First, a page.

The Federal Acquisition Regulatory Council has proposed new legislation to require the United States government's top suppliers to report whether or not they publicly disclose their greenhouse gas emissions. These contractors will be required to also address how they plan to reduce these emissions and how climate change may affect their operations in the future.
The government's largest suppliers come from a variety of sectors; the list includes industrial giants such as Boeing, Lockheed Martin, Humana, and Computer Sciences Corporation. The proposal's comment period closed on July 25th. The National Aeronautics and Space Administration (NASA), General Services Administration (GSA), and the Department of Defense (DoD) are the main federal agencies driving this initiative forward.
This proposal is the latest addition to a collection of climate control initiatives that have come from the Obama administration. In 2015, the GSA became the first U.S. government agency to launch a pilot program for greenhouse gas reporting in partnership with the CDP, formerly known as the Carbon Disclosure Project. Last year, the GSA invited 115 of its top suppliers by total contract dollars to voluntarily participate in the CDP's supply chain emissions reporting program and to openly discuss their plans for reducing emissions.
This effort is designed to help some of the world's largest corporations get started on reducing their environmental footprints and help prepare them for compliance with future regulations, as the federal government continues to develop policies related to greenhouse gas reporting and climate change mitigation. So far, 63 companies accepted the invitation, including 14 companies that participated in the CDP's program for the first time. Eighty-five percent of the 63 respondents reported that they have implemented some kind of emissions-reducing project, and it is estimated that these projects together have already decreased CO2 output by the equivalent of 16 million metric tons annually.
Between its five branches, the U.S. military consumes more fossil fuels than any other single entity in the world. The Navy and Marine Corps account for nearly a third of this consumption, and as such, they will need to help lead the way in terms of reducing greenhouse emissions associated with government agencies. As of just a few months ago, the Navy has asked its 100 largest material suppliers to begin reporting both their total greenhouse emissions and their plans for reduction to CDP.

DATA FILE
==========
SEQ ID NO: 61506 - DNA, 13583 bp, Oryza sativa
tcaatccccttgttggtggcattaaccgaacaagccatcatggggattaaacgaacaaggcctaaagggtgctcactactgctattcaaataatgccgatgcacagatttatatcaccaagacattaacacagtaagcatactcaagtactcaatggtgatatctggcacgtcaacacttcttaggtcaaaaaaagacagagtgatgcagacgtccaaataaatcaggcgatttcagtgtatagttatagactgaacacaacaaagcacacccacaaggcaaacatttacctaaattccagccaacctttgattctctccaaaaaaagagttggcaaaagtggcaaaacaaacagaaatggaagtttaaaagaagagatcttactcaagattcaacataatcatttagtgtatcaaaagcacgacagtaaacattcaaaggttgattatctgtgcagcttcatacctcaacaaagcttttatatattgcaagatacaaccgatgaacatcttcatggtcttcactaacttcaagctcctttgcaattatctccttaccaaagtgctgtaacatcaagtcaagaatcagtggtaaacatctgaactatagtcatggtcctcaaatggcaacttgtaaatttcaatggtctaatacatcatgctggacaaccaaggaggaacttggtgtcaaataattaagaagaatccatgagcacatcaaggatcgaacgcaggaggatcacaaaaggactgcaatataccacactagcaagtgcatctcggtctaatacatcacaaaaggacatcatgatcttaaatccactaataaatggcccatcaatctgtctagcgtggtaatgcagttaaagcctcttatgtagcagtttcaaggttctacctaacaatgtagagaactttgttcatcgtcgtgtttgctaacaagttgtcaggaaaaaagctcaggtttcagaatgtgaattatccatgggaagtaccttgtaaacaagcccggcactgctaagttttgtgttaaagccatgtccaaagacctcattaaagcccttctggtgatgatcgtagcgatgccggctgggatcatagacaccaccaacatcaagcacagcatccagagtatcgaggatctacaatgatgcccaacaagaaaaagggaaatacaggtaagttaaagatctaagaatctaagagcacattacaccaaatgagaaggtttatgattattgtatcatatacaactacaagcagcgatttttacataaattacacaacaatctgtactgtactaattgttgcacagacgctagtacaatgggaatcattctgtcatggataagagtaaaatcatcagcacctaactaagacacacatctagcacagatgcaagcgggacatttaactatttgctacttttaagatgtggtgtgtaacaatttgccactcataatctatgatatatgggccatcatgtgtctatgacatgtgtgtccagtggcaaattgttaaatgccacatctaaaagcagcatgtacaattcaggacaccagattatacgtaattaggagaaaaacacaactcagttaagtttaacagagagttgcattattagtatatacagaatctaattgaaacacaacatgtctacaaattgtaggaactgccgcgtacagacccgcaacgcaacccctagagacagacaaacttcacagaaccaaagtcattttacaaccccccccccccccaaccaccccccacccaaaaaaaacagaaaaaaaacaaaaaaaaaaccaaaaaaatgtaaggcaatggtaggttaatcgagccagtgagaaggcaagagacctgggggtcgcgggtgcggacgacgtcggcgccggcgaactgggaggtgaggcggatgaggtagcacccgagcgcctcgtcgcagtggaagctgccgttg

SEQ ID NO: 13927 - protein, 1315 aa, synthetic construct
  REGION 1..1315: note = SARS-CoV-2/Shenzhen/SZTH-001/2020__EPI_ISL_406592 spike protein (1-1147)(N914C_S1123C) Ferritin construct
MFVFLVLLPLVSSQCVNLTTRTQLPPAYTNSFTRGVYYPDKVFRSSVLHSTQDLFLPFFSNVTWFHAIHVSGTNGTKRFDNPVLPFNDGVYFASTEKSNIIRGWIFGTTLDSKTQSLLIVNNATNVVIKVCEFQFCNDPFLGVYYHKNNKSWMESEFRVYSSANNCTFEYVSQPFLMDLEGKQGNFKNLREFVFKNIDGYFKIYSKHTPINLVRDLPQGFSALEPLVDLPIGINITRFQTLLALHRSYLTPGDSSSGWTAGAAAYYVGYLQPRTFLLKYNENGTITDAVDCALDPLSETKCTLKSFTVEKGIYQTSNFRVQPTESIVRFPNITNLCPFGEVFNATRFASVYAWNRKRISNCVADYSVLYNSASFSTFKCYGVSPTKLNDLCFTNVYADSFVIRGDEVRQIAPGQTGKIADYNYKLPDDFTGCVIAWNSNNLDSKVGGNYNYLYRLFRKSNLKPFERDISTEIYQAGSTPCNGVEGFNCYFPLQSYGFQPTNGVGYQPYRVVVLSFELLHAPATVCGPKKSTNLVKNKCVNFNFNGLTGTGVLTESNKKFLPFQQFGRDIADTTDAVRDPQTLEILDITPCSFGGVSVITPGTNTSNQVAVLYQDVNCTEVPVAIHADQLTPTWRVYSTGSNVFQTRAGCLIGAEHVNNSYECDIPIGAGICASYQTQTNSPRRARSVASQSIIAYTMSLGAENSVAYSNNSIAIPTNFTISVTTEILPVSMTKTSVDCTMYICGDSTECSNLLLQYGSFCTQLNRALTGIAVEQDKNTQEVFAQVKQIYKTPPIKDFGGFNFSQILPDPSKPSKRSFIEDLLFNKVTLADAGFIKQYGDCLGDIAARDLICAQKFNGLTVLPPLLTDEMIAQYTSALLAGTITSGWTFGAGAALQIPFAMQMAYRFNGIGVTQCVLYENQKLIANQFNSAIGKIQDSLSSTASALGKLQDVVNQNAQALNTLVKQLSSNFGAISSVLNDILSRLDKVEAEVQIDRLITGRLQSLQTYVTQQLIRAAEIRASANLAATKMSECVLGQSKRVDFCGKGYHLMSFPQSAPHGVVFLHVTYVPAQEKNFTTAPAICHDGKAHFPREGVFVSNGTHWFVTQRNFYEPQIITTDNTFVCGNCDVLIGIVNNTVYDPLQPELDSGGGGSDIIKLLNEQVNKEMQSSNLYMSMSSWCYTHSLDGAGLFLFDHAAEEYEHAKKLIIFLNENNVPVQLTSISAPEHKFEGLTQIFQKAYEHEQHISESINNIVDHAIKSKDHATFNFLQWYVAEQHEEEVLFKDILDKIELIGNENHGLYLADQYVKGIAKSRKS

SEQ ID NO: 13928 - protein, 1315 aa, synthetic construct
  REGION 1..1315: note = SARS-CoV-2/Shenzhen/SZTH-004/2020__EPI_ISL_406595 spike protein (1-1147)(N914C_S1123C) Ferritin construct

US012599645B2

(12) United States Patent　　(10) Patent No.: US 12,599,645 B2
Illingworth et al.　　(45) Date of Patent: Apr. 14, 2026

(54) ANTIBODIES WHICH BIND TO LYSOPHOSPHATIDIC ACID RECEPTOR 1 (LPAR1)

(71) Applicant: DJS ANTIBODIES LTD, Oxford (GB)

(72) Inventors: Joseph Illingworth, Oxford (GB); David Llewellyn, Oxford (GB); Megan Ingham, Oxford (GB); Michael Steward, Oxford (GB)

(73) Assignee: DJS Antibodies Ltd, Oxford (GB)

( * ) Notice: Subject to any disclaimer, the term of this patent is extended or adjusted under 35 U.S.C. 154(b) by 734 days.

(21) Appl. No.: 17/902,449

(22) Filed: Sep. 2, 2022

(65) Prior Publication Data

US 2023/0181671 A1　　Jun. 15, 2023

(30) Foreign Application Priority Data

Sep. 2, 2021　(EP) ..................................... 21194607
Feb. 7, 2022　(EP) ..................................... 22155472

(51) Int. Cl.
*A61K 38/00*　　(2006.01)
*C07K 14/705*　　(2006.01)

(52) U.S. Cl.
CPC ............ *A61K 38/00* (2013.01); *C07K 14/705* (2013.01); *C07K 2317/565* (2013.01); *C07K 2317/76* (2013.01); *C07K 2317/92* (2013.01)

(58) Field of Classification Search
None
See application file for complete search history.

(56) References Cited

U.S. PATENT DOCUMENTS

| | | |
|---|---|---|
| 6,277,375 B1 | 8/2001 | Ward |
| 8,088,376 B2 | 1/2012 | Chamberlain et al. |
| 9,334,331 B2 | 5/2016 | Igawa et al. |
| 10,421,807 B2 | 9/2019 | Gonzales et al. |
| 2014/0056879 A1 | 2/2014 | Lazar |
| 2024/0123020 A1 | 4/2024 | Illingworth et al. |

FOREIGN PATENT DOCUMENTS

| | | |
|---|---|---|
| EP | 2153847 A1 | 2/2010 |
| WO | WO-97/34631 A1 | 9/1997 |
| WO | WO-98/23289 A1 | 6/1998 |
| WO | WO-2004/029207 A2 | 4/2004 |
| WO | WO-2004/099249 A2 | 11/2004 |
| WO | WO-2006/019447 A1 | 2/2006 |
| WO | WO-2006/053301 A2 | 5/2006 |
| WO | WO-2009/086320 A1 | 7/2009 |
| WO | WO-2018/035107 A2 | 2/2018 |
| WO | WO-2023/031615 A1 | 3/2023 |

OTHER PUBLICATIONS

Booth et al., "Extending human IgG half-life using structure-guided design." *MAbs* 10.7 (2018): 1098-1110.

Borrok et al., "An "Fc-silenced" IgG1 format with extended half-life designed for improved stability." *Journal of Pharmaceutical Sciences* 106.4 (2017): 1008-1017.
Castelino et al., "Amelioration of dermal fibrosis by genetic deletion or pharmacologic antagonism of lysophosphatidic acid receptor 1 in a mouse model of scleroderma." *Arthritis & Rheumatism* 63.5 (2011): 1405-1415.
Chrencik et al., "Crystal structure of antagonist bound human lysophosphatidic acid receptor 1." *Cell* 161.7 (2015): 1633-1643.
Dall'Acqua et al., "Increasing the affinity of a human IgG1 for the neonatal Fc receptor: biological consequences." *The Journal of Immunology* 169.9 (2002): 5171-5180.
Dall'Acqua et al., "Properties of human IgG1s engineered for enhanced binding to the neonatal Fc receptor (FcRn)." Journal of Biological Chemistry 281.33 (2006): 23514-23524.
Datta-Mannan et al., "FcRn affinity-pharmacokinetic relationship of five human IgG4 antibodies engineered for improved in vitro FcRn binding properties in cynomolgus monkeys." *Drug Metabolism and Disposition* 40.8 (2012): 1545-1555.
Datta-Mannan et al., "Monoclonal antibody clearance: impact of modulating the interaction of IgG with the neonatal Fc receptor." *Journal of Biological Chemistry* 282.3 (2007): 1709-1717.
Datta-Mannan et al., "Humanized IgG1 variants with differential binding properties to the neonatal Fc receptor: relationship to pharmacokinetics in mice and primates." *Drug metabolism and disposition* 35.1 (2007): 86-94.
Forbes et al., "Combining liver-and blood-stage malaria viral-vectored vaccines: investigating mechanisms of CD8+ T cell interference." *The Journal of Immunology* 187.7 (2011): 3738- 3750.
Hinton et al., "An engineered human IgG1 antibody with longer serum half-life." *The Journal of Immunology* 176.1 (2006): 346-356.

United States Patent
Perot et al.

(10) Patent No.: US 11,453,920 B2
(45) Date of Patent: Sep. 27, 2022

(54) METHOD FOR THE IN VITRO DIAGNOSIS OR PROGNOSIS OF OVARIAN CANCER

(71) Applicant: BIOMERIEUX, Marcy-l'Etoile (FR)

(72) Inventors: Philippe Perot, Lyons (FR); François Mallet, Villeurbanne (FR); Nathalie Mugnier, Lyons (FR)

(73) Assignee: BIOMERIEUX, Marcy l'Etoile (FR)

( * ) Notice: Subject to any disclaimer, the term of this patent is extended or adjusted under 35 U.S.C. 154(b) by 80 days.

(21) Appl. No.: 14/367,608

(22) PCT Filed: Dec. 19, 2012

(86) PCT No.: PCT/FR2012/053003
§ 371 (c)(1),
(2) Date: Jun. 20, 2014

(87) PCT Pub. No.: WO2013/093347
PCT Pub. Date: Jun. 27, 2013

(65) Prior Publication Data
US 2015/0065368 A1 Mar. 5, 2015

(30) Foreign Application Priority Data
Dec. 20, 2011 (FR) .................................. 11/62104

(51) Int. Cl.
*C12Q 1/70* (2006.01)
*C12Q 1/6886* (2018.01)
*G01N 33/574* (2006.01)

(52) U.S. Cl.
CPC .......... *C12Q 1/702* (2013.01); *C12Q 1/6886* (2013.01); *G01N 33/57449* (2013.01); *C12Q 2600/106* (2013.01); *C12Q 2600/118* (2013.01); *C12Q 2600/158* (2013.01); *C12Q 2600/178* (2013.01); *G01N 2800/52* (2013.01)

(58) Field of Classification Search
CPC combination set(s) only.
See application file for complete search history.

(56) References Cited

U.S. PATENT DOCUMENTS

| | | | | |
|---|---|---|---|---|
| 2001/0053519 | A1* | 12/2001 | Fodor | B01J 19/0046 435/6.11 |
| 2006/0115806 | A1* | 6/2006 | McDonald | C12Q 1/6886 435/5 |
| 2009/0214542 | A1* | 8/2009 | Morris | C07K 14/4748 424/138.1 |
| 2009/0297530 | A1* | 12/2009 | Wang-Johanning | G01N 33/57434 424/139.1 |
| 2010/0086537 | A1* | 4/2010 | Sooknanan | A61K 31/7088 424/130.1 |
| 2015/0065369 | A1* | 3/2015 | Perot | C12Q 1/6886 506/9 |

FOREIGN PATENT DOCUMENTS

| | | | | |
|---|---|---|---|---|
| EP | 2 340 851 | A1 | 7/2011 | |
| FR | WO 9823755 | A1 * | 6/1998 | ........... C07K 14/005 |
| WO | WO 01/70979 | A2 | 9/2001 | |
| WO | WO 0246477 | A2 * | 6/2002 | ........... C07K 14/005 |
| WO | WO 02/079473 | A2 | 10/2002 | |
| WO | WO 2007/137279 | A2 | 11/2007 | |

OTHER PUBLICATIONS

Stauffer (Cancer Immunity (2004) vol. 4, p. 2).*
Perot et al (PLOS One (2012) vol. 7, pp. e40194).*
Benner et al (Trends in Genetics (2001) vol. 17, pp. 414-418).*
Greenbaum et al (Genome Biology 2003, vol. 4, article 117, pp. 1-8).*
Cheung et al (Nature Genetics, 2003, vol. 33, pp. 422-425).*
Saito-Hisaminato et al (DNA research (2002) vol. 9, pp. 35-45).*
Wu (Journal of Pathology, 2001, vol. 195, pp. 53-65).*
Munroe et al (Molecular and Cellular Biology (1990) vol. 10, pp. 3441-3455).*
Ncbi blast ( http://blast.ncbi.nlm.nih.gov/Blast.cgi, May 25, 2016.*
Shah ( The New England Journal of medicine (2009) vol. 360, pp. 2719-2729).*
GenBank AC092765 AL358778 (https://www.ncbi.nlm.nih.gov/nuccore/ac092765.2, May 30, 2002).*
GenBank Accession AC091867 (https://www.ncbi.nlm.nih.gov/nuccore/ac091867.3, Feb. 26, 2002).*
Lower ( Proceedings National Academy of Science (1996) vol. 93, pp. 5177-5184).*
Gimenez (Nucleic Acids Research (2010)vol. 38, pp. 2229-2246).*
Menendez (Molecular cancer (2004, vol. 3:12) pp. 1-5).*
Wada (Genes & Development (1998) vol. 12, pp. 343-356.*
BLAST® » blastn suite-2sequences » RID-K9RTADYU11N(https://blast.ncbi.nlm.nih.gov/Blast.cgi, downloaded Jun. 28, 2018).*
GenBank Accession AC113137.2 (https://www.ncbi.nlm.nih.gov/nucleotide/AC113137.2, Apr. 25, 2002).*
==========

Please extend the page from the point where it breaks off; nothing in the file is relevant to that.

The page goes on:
In 2010, the top 25 Naval suppliers by total contract dollars were paid more than $95 billion by the Navy, and these companies currently have a market capitalization of nearly $800 billion. This is a little more than four percent of the market capitalization of the entire New York Stock Exchange (NYSE), which lists over 2,000 companies based in the U.S. and abroad.
The Navy's goal in starting this program is to have at least half of its energy consumption fueled by sustainable sources within the next three to four years. According to Navy secretary Ray Mabus, the reason the Navy has decided to push for disclosure of greenhouse gases is to protect our nation. In his words, "energy can be used as a weapon, and I simply didn’t want it to be used against us." Our armed forces must be prepared to deal with highly unpredictable situations. By switching to cleaner energy sources, Mabus highlights that the Navy will improve its ability to carrying out its daily operations, even if we are forced to go off the power grid in the event of a threat or national emergency.
The Navy's move to require its suppliers to track and report greenhouse gas emissions is not the first sustainability commitment to come from a government agency. In 2009, the Environmental Protection Agency (EPA) implemented a policy requiring any source that produces at least 25,000 metric tons of CO2 equivalent each year to publicly disclose its total greenhouse emissions. This threshold makes it so that a majority of small businesses, as well as a few specific sectors like agriculture, are excluded from mandatory greenhouse reporting. Overall, the policy requires reporting by 41 different industrial sectors, and it covers between eighty-five and ninety percent of our country's total greenhouse gas output.